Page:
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Leavy, S.A. (2002). Prefatory Note to “Origin and Nature of the Great Illusion. Psychoanal. Rev., 89(1):125-126.

(2002). Psychoanalytic Review, 89(1):125-126

Prefatory Note to “Origin and Nature of the Great Illusion

Stanley A. Leavy, M.D.

Normally, in seeking out the antecedents of psychoanalysis, we stick to the familiar byways of European thought, accepting that the findings of psychoanalysis can be situated there according to forms of thought projected by Western science and philosophy. It comes as a surprise, reading Luther Askeland's translation of and introduction to a chapter written by Shankara Acharya (ca. 789-820 a.d.), to discover that an elemental concept of psychoanalysistransference—was formulated by this Hindu philosopher of the early ninth century. Whether the key word, in Sanskrit adhyasa, is translated as “transference” or as “superimposition,” its meaning as “the perception in one thing of some other thing,” or the illusory “projection” of self and non-self onto each other, sounds congenial to Freudian and post-Freudian thought.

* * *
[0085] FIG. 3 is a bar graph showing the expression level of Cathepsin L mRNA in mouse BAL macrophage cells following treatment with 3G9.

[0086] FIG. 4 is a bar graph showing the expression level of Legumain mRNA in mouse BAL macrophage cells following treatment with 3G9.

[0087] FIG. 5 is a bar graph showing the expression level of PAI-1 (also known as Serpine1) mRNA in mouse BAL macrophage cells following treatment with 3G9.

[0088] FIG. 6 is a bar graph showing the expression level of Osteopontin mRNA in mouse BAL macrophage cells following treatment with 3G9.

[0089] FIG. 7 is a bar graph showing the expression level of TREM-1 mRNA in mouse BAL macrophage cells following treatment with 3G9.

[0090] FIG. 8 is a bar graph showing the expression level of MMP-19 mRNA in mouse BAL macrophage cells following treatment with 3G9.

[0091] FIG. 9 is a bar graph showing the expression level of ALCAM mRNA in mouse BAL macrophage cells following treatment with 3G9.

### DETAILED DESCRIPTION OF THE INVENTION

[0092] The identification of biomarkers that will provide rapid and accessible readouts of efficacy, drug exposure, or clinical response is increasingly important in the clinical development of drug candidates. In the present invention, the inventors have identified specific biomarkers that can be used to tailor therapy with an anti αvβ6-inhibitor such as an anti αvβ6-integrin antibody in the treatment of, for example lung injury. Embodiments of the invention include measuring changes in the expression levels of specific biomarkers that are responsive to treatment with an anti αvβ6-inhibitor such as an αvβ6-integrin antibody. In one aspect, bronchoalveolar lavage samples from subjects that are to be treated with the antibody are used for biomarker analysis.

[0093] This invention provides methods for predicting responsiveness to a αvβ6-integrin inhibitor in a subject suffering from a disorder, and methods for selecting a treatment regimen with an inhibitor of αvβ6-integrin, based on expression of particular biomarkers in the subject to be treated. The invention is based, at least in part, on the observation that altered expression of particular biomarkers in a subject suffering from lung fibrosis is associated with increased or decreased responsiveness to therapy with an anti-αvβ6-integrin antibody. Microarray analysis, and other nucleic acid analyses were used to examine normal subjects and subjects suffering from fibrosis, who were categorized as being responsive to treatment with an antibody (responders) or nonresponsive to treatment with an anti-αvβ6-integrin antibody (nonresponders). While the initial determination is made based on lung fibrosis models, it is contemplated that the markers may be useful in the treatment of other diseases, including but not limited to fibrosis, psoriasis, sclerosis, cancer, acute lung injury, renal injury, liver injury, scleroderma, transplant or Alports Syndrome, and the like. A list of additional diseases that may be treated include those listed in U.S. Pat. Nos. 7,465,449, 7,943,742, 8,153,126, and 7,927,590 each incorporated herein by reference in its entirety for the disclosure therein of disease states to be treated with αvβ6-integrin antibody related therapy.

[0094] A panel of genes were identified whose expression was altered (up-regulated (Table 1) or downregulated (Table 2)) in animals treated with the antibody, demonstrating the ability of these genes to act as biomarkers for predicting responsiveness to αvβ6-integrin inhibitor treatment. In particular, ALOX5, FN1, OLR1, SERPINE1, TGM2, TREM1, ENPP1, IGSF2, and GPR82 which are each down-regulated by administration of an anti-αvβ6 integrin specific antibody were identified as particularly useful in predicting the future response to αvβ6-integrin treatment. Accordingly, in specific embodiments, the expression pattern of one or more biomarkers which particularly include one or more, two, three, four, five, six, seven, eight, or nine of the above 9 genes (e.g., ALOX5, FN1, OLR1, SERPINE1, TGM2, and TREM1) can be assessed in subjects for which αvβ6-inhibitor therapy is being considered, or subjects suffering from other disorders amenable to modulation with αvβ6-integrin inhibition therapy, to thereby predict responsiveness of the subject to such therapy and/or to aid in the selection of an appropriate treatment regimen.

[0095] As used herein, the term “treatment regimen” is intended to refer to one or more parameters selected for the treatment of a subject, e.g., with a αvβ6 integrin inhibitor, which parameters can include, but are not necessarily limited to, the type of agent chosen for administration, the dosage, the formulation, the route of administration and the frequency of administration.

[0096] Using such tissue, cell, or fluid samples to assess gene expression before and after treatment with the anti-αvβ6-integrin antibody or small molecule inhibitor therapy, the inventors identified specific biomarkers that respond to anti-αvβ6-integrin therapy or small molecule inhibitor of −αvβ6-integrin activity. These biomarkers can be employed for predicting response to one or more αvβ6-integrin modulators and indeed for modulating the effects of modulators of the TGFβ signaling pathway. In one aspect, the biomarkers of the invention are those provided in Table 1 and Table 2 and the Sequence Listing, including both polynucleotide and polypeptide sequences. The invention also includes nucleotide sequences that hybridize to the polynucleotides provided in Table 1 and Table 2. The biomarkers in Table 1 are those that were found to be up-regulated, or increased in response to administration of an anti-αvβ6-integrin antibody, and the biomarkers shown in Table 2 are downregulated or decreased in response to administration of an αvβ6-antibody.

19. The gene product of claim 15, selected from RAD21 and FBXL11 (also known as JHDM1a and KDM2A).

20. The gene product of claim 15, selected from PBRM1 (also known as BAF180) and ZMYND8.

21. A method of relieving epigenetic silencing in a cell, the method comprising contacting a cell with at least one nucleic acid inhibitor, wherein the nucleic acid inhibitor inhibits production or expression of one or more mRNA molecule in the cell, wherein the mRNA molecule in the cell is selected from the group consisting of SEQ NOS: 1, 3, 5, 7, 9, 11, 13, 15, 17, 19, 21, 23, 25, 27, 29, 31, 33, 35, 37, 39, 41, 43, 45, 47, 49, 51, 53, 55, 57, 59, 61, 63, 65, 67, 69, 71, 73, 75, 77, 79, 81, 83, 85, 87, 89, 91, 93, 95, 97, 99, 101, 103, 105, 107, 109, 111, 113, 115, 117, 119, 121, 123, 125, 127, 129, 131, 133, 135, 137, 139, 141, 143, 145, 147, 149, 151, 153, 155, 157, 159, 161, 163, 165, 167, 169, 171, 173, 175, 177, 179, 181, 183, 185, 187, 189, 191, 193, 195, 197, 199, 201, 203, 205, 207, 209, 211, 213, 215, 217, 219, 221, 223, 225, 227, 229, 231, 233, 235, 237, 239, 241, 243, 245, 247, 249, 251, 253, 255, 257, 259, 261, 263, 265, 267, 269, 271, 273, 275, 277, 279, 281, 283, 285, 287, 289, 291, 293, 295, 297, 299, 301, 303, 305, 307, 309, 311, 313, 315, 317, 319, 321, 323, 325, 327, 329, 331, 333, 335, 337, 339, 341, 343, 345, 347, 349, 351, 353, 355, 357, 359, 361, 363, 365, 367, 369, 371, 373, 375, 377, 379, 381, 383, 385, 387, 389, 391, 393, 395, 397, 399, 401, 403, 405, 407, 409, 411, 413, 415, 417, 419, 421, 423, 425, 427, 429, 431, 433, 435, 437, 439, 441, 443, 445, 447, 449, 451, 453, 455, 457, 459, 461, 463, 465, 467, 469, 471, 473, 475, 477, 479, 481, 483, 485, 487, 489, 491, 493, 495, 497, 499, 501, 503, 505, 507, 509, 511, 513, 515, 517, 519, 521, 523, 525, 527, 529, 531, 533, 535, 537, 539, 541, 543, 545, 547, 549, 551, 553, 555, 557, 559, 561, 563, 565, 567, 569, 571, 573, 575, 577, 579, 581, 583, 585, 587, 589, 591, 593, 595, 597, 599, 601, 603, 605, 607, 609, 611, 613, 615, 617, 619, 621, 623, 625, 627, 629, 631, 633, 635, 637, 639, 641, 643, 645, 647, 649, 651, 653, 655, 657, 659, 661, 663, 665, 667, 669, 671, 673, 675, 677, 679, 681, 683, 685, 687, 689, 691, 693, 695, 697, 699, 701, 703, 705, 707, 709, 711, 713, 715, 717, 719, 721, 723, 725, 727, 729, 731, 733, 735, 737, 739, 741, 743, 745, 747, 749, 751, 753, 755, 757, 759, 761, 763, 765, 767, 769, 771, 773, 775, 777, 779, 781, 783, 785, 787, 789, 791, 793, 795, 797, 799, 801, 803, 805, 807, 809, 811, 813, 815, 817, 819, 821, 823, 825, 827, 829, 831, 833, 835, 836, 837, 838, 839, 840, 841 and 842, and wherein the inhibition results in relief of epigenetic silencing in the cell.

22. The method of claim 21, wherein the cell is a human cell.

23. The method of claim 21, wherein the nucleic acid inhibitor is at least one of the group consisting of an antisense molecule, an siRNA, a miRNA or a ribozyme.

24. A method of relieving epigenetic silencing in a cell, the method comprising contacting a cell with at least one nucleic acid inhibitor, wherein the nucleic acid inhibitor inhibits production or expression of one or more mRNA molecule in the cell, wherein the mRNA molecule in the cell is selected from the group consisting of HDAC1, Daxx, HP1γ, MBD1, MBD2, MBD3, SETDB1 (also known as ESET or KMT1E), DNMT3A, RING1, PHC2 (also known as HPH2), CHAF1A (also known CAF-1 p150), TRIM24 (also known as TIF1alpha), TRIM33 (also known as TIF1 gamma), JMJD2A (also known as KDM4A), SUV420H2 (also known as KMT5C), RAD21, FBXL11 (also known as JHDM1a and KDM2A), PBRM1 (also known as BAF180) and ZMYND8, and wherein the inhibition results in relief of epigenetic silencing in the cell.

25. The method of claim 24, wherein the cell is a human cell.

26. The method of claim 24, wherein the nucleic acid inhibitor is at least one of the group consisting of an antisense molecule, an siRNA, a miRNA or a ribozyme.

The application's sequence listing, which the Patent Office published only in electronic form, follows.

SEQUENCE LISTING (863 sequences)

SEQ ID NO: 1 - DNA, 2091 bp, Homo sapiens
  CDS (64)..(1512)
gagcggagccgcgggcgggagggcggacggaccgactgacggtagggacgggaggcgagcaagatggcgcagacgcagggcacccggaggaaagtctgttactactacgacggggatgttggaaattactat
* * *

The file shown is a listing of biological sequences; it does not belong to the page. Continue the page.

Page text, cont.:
It is of no less interest that Luther Askeland, a student of Indian philosophy and meditation making no claim to more knowledge of psychoanalysis than that of an educated layman, has evoked in his reading of Shankara concepts that have become—via quite different routes—intrinsic to contemporary psychoanalytic theory. I refer especially to the metaphoric nature of what he calls “verbal perception” and to binary opposition within it. That is, Shankara seems to have anticipated the recognition that linguistic structure goes far to determine our grasp of reality.


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